In the Panchir Valley, the former historic bastion of resistance to the Taliban that fell into the hands of the Islamists in early September 2021, residents still live in fear of the new masters of Afghanistan, accused of abuses.
“Since they arrived, people have not felt safe, they are afraid and cannot speak freely,” Amir told AFP ( first name modified), a 22-year-old student, near the village of Safid Cherer.
On September 6, 2021, the Taliban announced that they had taken “complete” control of the Panchir Valley, where the National Front of resistance (FNR) stood up to them since they seized power in Kabul on August 15.
The valley, landlocked and surrounded by high mountains, 80 km north of the capital, was made famous in the late 1980s by commander Ahmad Shah Massoud, nicknamed the “lion of Panchir”, before he was assassinated by Al-Qaeda in 2001.
It had resisted under Soviet occupation in the 1980s, then against the Taliban during their rise to power a decade later and then their first regime (1996-2001).
A year after the return to control of the Islamists, the FNR, led by Ahmad Massoud, the son of the late commander, appears to be the only conventional military threat to the new power.
At the beginning of May, it announced a large offensive in Panchir and other northern provinces.
There were localized clashes with the Taliban. And as often, each claimed to have caused dozens of deaths in the opposing ranks. Balance sheets impossible to confirm from an independent source.
Since then, the resistance has been pushed back into the mountains. In the valley, 6,000 Taliban fighters are deployed and now firmly hold the main road which winds for more than a hundred km alongside the tumultuous Panchir river.
They are clearly visible in the villages and on several checkpoints.
“In the evening, we can't walk with our friends (…) As soon as we settle down somewhere leaves to have fun, they come to stop us, asking us why we are sitting there”, continues Amir.
According to him, “they probably think that if young people get together, they are planning something against them”, as if they belonged to the resistance.
In June, the NGOs Amnesty International and Human Rights Watch accused the Taliban of having committed acts of torture in the province and arbitrarily detained civilians accused of belonging to the FNR.
“These serious human rights violations create a climate of fear and distrust in the region,” noted Amnesty.
Accusations denied by the Taliban.
“Before, we felt very good coming here, our husbands could come freely,” recalls Nabila, who came from Kabul with her four sisters for their mother's funeral. , near the town of Bazarak.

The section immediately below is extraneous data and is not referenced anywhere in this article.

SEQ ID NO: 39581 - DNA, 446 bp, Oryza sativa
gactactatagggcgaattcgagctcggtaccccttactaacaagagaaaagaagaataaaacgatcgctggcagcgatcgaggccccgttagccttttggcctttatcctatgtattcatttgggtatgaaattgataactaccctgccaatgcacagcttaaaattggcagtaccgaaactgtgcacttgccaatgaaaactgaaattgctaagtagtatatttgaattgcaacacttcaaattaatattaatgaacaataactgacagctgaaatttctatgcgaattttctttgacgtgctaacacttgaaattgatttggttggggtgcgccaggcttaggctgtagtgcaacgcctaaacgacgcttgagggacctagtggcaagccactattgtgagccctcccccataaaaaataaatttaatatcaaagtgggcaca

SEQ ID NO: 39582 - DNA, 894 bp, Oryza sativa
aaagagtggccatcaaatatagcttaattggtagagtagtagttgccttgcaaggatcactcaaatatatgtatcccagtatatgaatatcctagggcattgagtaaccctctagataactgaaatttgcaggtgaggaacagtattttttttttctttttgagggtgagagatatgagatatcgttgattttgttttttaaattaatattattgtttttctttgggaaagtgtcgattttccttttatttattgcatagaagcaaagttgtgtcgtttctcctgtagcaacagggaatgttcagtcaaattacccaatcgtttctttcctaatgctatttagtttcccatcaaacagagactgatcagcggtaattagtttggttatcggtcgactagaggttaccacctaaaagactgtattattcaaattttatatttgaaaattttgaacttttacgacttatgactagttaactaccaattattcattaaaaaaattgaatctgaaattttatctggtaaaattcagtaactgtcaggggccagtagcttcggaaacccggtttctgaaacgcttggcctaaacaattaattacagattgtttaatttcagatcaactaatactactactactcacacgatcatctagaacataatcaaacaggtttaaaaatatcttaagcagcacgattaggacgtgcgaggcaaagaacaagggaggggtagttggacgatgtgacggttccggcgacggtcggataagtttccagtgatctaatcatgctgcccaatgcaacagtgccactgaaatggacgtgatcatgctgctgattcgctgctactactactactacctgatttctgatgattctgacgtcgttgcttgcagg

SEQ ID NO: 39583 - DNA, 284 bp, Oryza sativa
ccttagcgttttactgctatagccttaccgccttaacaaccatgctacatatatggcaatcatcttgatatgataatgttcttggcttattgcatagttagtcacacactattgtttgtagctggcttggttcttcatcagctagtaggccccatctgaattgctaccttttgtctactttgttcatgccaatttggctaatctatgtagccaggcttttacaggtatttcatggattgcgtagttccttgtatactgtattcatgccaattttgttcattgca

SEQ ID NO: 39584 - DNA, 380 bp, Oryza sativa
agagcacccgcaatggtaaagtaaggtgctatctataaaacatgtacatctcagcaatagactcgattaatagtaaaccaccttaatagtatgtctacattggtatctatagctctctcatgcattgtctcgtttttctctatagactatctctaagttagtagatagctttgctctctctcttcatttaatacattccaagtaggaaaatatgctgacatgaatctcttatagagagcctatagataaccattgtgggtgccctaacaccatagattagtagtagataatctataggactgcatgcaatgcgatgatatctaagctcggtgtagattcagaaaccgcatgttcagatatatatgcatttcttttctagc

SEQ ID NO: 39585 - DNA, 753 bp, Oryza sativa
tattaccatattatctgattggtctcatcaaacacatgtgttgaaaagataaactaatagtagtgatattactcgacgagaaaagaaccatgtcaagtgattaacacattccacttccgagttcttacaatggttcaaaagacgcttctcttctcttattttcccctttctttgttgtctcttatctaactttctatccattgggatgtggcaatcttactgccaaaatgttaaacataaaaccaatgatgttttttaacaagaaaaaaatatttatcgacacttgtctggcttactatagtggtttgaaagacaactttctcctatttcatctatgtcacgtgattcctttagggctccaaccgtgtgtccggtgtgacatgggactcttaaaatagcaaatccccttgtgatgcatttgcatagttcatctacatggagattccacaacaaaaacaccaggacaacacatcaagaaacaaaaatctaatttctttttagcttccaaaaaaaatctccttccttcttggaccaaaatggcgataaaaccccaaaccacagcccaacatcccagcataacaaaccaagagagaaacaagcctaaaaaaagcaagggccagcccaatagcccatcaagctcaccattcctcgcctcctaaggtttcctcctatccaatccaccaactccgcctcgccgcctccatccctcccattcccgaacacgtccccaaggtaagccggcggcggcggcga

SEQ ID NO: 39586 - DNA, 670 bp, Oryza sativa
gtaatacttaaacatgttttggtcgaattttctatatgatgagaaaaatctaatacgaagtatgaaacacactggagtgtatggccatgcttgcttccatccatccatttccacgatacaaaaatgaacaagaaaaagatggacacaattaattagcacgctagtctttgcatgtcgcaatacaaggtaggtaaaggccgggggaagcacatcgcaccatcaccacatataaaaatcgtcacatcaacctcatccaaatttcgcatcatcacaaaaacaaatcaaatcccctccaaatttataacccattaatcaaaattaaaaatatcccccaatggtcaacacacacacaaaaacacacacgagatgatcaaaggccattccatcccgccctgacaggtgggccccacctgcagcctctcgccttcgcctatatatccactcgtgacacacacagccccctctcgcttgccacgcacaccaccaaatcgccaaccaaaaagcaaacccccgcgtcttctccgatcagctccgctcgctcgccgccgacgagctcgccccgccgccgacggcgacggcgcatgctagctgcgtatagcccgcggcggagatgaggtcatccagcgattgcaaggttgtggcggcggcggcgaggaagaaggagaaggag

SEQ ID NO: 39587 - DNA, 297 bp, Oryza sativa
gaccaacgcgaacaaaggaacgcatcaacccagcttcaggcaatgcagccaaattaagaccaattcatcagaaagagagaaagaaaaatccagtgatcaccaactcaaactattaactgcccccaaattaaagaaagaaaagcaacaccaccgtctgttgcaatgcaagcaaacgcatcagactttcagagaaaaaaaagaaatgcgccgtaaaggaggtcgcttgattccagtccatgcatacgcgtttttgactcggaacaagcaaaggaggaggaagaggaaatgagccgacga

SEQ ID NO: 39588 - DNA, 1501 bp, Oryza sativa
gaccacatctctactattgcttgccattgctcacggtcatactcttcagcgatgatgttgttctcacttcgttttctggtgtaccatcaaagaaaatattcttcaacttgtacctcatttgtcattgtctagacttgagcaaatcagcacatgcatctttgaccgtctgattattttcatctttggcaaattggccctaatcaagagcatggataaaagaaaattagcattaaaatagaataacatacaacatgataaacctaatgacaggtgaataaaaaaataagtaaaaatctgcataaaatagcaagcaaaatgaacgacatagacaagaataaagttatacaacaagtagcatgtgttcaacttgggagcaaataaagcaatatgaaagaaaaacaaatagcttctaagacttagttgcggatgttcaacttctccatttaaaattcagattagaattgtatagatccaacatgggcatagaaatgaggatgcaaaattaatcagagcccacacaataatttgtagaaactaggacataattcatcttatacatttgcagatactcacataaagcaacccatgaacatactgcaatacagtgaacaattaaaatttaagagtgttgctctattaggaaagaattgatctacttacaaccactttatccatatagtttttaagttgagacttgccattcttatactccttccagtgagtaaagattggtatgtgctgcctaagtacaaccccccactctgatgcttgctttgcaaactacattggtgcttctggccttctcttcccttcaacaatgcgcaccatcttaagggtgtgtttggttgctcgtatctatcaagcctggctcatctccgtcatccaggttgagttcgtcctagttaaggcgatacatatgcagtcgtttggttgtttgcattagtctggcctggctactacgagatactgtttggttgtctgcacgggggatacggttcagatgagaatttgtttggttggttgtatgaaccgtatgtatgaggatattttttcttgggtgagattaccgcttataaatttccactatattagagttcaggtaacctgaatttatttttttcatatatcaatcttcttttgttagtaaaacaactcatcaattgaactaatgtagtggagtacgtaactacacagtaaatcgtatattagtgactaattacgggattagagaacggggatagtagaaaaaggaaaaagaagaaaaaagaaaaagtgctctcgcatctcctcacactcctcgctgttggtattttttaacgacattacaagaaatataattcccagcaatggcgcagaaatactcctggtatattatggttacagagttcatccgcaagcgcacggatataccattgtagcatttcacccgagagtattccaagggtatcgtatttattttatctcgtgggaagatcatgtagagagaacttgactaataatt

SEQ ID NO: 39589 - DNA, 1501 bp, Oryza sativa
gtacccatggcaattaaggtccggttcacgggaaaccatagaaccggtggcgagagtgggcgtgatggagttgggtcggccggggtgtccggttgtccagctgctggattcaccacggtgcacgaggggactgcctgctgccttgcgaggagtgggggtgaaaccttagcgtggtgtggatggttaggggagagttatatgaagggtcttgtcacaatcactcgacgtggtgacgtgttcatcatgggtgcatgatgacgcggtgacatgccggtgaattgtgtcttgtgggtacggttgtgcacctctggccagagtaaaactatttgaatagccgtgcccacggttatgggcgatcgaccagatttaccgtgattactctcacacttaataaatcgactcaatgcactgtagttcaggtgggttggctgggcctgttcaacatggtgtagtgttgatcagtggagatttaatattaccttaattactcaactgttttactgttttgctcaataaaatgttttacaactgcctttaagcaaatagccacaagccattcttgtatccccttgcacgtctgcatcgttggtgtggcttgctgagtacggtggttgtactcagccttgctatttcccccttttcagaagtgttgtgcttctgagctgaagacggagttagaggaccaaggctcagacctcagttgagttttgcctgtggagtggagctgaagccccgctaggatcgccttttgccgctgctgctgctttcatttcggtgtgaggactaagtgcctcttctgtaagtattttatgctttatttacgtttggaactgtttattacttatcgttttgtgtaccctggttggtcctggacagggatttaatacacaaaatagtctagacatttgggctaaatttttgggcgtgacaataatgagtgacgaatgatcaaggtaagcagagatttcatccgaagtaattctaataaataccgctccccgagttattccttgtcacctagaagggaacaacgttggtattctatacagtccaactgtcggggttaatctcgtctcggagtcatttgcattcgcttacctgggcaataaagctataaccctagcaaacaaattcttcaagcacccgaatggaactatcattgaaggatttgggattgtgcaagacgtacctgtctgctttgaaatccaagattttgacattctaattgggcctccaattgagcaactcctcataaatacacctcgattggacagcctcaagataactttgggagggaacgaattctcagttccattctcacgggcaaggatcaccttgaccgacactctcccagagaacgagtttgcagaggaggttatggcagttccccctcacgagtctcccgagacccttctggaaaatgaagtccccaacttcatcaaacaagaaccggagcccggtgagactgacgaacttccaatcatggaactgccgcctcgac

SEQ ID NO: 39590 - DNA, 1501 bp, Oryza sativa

“Now we are scared and we fear that they (the Taliban) will arrest them. Most of our husbands could not come for the funeral, we told them that the Taliban could not be trusted,” she told AFP, without giving her name.
When the Islamists arrived in September, many residents had fled.
“Probably less than 2,000 families may have left Panchir, but most of them have returned,” he told AFP Abubakar Sediq, spokesman for the governor of Panchir, which had more than 170,000 inhabitants before August 2021.
Asked about the actions of the FNR, he replied “propaganda”, as did Abdul Hamid Khurasani, local head of the Badri unit, the Taliban special forces.
“We did not see any front, the front does not exist,” the fighter calmly replies, from a house in the village of Tawakh, in Anaba district, dominating the entrance to the valley and which has become his HQ.
“No security threat does not exist, nowhere (…) A few people are in the mountains, we are in pursuit of them”, affirms the man, surrounded by a close guard heavily armed.
“If we were a few fighters and if we had been pushed back into the mountains, why are they sending thousands of fighters?” Ali Maisam Nazary, head of international relations for the FNR, told AFP.
“We have a permanent base in each side valley of Panchir, more than 20 bases”, and also in other provinces in the northeast, he says. The FNR claims a membership of some 3,000 members across the country, a figure that is impossible to verify.
For Michael Kugelman, of the American think tank Wilson Center, “the will (of the FNR) to fight is there, but (…) the capacity is not there”, underlining that a “large part” of its leaders and its fighters are abroad, particularly in neighboring Tajikistan.
“For the FNR to be a truly effective group, it will need more external support, military and financial”, says -he.
The other threat to the authority of the Taliban remains the Islamic State-Khorasan (EI-K), the regional branch of the IS, which has been quite active for a year.
The jihadist group has planted bombs and carried out suicide bombings, but it has mostly targeted Afghan religious minorities, mainly Shiites, rather than attacking the Taliban directly.
The Taliban are trying to play down the threat of EI-K, and lead a ruthless fight against the group, arresting hundreds of men accused of being part of it.
They claim for a few months to have defeated EI- K, but analysts believe that the extremist group still poses the main security challenge for the new Afghan power.
Michael Kugelman believes that the FNR could benefit from an increase in attacks by ISIS .
“If Afghans see their families being blown up by ISIS (…), that could, I think, do a major damage to the legitimacy of the Taliban and this could benefit the FNR and give it an opening” to appear as an alternative, judges the analyst.